by Doug Stevenson 2003

This is the “Connect” Issue

“One of the most obvious facts about grown-ups, to a child, is that they have forgotten what it is like to be a child.”

Randall Jerrell




While standing in the baggage claim area of the Dublin Airport, I was watching a mother and her young daughter. The daughter was just getting used to running on her chubby little legs and she obviously couldn’t get enough of it. She’d run one way and then the other defying the laws of gravity with each wobbly step until the inevitable happened and down she went. After ten seconds of tears, she was up and at it again. The joy on her face lit up the entire area. Everyone watching this little ball of energy had a smile on their face.

Did you ever notice how enjoyable it is to watch someone who’s having fun? It’s a contagious energy and one that is essential to good speaking and storytelling. In the Four Types of Language* that I have identified, joy and happiness fall into the category of emotional language. If you connect with your playful spirit – the spirit that was effortless as a child – people will love watching you and listening to you.

* The Four Types of Language are verbal, vocal, physical and emotional. For more information on the Four Types of Language, see pages 215 – 217 of my book: Never Be Boring Again.

I’m not talking about acting childish or foolish. I’m talking about your adult playful spirit – the spirit that is in evidence at parties and socialgatherings when you are not overly concerned about your behavior. Your playful spirit emerges effortlessly when you’re feeling relaxed and comfortable or when you’re not trying so hard to be appropriate, cool or professional.

The beautiful thing about being an adult is that we have the wisdom of experience. We know stuff. We’ve fallen down and scraped a knee so many times that we’ve learned not to wear our Sunday pants when we go out to play. We have the ability to be childlike without being childish. As a storyteller, it is essential to tap into that playful childlike energy in order to draw in your audience. When you exhibit this joy, everyone in your audience will watch you with a smile on their face.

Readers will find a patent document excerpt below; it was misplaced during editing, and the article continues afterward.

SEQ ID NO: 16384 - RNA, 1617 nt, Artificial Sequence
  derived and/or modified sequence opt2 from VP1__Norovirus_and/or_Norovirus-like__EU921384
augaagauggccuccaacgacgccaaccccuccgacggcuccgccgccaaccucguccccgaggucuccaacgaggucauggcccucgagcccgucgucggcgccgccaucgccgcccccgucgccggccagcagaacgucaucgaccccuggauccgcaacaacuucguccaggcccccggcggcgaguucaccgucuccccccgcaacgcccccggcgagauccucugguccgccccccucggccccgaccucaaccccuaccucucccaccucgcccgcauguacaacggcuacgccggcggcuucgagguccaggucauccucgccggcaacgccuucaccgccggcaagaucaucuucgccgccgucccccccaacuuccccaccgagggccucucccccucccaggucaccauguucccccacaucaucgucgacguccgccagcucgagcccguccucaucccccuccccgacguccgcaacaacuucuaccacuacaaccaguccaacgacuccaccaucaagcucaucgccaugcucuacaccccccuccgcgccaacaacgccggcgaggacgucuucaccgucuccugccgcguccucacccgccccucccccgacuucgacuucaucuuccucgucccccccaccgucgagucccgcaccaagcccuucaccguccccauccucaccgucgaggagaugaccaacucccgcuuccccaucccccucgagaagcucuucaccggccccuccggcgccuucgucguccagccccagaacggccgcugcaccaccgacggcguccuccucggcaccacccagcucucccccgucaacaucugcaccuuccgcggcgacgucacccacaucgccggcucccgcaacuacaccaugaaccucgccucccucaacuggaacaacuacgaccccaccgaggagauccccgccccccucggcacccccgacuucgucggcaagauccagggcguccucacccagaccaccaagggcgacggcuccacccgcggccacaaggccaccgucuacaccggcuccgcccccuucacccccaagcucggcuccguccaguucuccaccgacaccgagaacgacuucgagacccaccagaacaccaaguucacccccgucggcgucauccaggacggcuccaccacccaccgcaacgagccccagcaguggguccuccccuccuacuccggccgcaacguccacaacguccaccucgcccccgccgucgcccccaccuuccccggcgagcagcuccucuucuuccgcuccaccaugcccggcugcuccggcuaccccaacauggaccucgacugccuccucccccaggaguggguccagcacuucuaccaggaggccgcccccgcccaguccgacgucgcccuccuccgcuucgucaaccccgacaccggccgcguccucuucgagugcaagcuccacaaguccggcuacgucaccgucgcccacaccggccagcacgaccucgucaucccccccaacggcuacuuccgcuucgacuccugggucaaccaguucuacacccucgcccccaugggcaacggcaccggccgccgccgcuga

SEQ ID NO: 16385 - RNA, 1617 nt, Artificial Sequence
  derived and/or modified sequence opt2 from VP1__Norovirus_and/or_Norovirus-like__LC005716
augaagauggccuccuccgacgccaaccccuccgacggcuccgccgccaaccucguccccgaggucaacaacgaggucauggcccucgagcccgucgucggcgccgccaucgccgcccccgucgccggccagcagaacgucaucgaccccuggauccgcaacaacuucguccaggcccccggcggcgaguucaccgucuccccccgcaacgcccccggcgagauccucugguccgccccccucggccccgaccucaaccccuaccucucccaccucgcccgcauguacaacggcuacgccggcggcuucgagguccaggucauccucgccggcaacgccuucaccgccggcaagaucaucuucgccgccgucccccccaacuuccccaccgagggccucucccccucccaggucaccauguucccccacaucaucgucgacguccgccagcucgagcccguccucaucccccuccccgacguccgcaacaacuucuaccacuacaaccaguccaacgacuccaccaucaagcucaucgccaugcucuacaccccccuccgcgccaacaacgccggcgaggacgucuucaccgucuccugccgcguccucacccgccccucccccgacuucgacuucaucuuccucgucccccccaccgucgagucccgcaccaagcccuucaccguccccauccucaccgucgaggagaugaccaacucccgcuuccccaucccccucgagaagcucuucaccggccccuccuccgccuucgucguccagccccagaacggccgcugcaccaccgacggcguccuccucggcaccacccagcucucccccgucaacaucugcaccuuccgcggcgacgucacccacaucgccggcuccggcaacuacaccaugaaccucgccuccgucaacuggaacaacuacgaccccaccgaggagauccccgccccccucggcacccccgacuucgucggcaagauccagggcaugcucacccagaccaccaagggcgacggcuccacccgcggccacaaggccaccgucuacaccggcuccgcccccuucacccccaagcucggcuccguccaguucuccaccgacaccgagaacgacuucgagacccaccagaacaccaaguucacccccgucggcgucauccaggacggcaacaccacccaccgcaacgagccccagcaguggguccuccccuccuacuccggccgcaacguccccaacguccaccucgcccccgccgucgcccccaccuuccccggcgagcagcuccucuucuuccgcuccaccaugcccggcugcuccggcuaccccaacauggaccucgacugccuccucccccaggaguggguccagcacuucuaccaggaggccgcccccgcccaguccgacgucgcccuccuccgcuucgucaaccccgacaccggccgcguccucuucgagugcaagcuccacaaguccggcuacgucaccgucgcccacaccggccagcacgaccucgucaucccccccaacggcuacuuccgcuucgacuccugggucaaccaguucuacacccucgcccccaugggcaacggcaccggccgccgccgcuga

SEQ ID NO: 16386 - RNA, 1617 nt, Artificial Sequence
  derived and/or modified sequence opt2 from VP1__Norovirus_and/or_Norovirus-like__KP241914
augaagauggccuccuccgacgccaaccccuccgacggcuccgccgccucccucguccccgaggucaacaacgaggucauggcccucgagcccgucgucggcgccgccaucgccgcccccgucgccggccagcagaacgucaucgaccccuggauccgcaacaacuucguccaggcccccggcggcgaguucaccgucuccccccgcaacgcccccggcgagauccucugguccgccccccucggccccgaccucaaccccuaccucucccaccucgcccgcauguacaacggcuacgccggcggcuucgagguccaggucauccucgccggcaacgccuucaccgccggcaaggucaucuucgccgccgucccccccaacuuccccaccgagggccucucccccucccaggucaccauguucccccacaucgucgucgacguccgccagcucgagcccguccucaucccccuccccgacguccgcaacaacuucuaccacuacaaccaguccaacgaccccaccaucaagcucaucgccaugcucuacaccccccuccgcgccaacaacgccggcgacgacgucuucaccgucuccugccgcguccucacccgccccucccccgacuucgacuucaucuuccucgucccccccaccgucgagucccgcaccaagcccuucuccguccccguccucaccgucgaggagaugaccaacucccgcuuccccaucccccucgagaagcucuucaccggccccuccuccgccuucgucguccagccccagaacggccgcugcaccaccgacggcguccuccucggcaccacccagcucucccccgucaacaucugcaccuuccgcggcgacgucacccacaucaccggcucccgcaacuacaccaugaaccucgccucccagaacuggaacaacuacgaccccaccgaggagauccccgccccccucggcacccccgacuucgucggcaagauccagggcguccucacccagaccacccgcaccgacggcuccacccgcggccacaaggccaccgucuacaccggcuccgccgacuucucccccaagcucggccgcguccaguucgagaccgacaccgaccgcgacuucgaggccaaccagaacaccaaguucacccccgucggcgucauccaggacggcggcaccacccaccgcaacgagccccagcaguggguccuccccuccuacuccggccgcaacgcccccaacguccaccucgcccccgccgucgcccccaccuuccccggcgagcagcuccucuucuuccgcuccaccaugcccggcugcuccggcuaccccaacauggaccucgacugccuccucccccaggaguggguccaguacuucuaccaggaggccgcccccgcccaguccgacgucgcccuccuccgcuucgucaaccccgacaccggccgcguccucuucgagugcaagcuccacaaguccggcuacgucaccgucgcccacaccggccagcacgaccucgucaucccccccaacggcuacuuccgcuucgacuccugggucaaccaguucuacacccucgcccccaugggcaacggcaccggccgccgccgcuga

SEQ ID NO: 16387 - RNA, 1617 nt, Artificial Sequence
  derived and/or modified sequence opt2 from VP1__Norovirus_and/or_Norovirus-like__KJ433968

Being an adult is stressful. At least it is for me. I have to concentrate, do things right and make it to appointments on time. There are pressures to perform and deliver that are sometimes exhausting. I know that the same pressures and stressors that affect me also affect my audience members. I also know that I can give them a break for just a few minutes by launching into a story with playful “once upon a time” energy. When I look out and see the smiles on their faces, I know that I’ve got ’em.

When I connect with my joy and playful spirit, they connect with theirs. They watch me with a smile on their face, just like I watched that little girl in the Dublin airport. The difference is that I am using my adult intelligence to call forth this joyful, childlike energy at the precise moment that I need it – whereas the little girl was just being a joyous child.

On page 35 of my new book, Never Be Boring Again, I discuss the phenomenon called a “sympathetic experience” that takes place during the telling of a story. I talk about how the speaker / storyteller must “connect IN to connect OUT.” The next time you give a speech or share a story, remember the little girl in the Dublin airport, or the little girl or boy that steals your heart whenever you see them. Remember how it makes you feel to observe their joy. Children are totally connected IN to themselves and by being so innocently free and spontaneous, they connect OUT to us. THEY do not make the connection, we do.

Give your audience something to connect to. Be joyous.




Have you ever been giving a speech, and you see “screen saver eyes” staring back at you? If so, you’ve lost connection with your audience. The following tips will help you connect with any audience, any time.